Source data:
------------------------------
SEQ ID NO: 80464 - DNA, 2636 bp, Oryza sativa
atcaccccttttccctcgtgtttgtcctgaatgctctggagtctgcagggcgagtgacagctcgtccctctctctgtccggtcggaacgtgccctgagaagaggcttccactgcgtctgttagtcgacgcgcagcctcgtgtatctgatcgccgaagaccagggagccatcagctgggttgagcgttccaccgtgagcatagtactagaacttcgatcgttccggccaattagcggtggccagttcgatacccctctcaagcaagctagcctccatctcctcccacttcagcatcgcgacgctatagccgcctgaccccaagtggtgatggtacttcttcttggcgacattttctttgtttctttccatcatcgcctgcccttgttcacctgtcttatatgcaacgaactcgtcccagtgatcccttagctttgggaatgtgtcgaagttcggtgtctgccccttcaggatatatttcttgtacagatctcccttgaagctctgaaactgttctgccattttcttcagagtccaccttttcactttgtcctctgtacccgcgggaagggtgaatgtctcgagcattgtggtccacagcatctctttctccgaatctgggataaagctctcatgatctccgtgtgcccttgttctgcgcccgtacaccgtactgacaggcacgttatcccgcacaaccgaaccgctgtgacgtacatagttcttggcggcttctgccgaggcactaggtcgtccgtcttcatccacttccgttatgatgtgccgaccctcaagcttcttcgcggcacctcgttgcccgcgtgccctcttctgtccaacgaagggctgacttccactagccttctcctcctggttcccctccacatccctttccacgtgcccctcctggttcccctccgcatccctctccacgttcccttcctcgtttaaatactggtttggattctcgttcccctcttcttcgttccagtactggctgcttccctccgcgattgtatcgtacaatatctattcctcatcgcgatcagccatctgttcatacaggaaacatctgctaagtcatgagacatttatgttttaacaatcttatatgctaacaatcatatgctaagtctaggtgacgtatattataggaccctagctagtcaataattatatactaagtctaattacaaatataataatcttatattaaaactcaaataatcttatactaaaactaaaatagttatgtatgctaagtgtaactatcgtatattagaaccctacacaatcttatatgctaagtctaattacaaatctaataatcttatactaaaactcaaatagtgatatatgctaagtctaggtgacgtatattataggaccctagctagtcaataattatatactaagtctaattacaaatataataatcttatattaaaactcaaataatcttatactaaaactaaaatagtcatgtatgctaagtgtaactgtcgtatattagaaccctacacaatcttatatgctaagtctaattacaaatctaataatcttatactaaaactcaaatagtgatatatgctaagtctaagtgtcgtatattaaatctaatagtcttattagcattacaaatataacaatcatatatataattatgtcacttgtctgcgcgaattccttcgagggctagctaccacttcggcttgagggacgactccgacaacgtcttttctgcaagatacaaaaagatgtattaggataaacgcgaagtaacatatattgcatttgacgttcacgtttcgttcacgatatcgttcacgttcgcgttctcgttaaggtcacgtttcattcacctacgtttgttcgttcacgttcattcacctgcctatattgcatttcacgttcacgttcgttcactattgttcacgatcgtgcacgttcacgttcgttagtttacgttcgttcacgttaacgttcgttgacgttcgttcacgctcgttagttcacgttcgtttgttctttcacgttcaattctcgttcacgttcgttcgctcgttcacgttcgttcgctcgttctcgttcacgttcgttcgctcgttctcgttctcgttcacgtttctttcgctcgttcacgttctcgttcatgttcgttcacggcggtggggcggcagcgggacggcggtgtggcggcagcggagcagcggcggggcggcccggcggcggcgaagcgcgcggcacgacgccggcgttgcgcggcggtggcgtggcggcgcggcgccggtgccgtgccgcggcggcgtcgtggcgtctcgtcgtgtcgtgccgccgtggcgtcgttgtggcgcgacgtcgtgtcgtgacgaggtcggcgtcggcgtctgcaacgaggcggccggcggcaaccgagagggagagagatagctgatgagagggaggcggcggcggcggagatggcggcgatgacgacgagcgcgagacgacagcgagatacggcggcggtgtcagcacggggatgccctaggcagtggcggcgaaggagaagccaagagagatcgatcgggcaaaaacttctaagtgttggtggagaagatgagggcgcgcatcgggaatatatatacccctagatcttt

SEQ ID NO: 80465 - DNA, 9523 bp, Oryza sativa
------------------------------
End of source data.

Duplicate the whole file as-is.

SEQ ID NO: 80464 - DNA, 2636 bp, Oryza sativa
atcaccccttttccctcgtgtttgtcctgaatgctctggagtctgcagggcgagtgacagctcgtccctctctctgtccggtcggaacgtgccctgagaagaggcttccactgcgtctgttagtcgacgcgcagcctcgtgtatctgatcgccgaagaccagggagccatcagctgggttgagcgttccaccgtgagcatagtactagaacttcgatcgttccggccaattagcggtggccagttcgatacccctctcaagcaagctagcctccatctcctcccacttcagcatcgcgacgctatagccgcctgaccccaagtggtgatggtacttcttcttggcgacattttctttgtttctttccatcatcgcctgcccttgttcacctgtcttatatgcaacgaactcgtcccagtgatcccttagctttgggaatgtgtcgaagttcggtgtctgccccttcaggatatatttcttgtacagatctcccttgaagctctgaaactgttctgccattttcttcagagtccaccttttcactttgtcctctgtacccgcgggaagggtgaatgtctcgagcattgtggtccacagcatctctttctccgaatctgggataaagctctcatgatctccgtgtgcccttgttctgcgcccgtacaccgtactgacaggcacgttatcccgcacaaccgaaccgctgtgacgtacatagttcttggcggcttctgccgaggcactaggtcgtccgtcttcatccacttccgttatgatgtgccgaccctcaagcttcttcgcggcacctcgttgcccgcgtgccctcttctgtccaacgaagggctgacttccactagccttctcctcctggttcccctccacatccctttccacgtgcccctcctggttcccctccgcatccctctccacgttcccttcctcgtttaaatactggtttggattctcgttcccctcttcttcgttccagtactggctgcttccctccgcgattgtatcgtacaatatctattcctcatcgcgatcagccatctgttcatacaggaaacatctgctaagtcatgagacatttatgttttaacaatcttatatgctaacaatcatatgctaagtctaggtgacgtatattataggaccctagctagtcaataattatatactaagtctaattacaaatataataatcttatattaaaactcaaataatcttatactaaaactaaaatagttatgtatgctaagtgtaactatcgtatattagaaccctacacaatcttatatgctaagtctaattacaaatctaataatcttatactaaaactcaaatagtgatatatgctaagtctaggtgacgtatattataggaccctagctagtcaataattatatactaagtctaattacaaatataataatcttatattaaaactcaaataatcttatactaaaactaaaatagtcatgtatgctaagtgtaactgtcgtatattagaaccctacacaatcttatatgctaagtctaattacaaatctaataatcttatactaaaactcaaatagtgatatatgctaagtctaagtgtcgtatattaaatctaatagtcttattagcattacaaatataacaatcatatatataattatgtcacttgtctgcgcgaattccttcgagggctagctaccacttcggcttgagggacgactccgacaacgtcttttctgcaagatacaaaaagatgtattaggataaacgcgaagtaacatatattgcatttgacgttcacgtttcgttcacgatatcgttcacgttcgcgttctcgttaaggtcacgtttcattcacctacgtttgttcgttcacgttcattcacctgcctatattgcatttcacgttcacgttcgttcactattgttcacgatcgtgcacgttcacgttcgttagtttacgttcgttcacgttaacgttcgttgacgttcgttcacgctcgttagttcacgttcgtttgttctttcacgttcaattctcgttcacgttcgttcgctcgttcacgttcgttcgctcgttctcgttcacgttcgttcgctcgttctcgttctcgttcacgtttctttcgctcgttcacgttctcgttcatgttcgttcacggcggtggggcggcagcgggacggcggtgtggcggcagcggagcagcggcggggcggcccggcggcggcgaagcgcgcggcacgacgccggcgttgcgcggcggtggcgtggcggcgcggcgccggtgccgtgccgcggcggcgtcgtggcgtctcgtcgtgtcgtgccgccgtggcgtcgttgtggcgcgacgtcgtgtcgtgacgaggtcggcgtcggcgtctgcaacgaggcggccggcggcaaccgagagggagagagatagctgatgagagggaggcggcggcggcggagatggcggcgatgacgacgagcgcgagacgacagcgagatacggcggcggtgtcagcacggggatgccctaggcagtggcggcgaaggagaagccaagagagatcgatcgggcaaaaacttctaagtgttggtggagaagatgagggcgcgcatcgggaatatatatacccctagatcttt

SEQ ID NO: 80465 - DNA, 9523 bp, Oryza sativa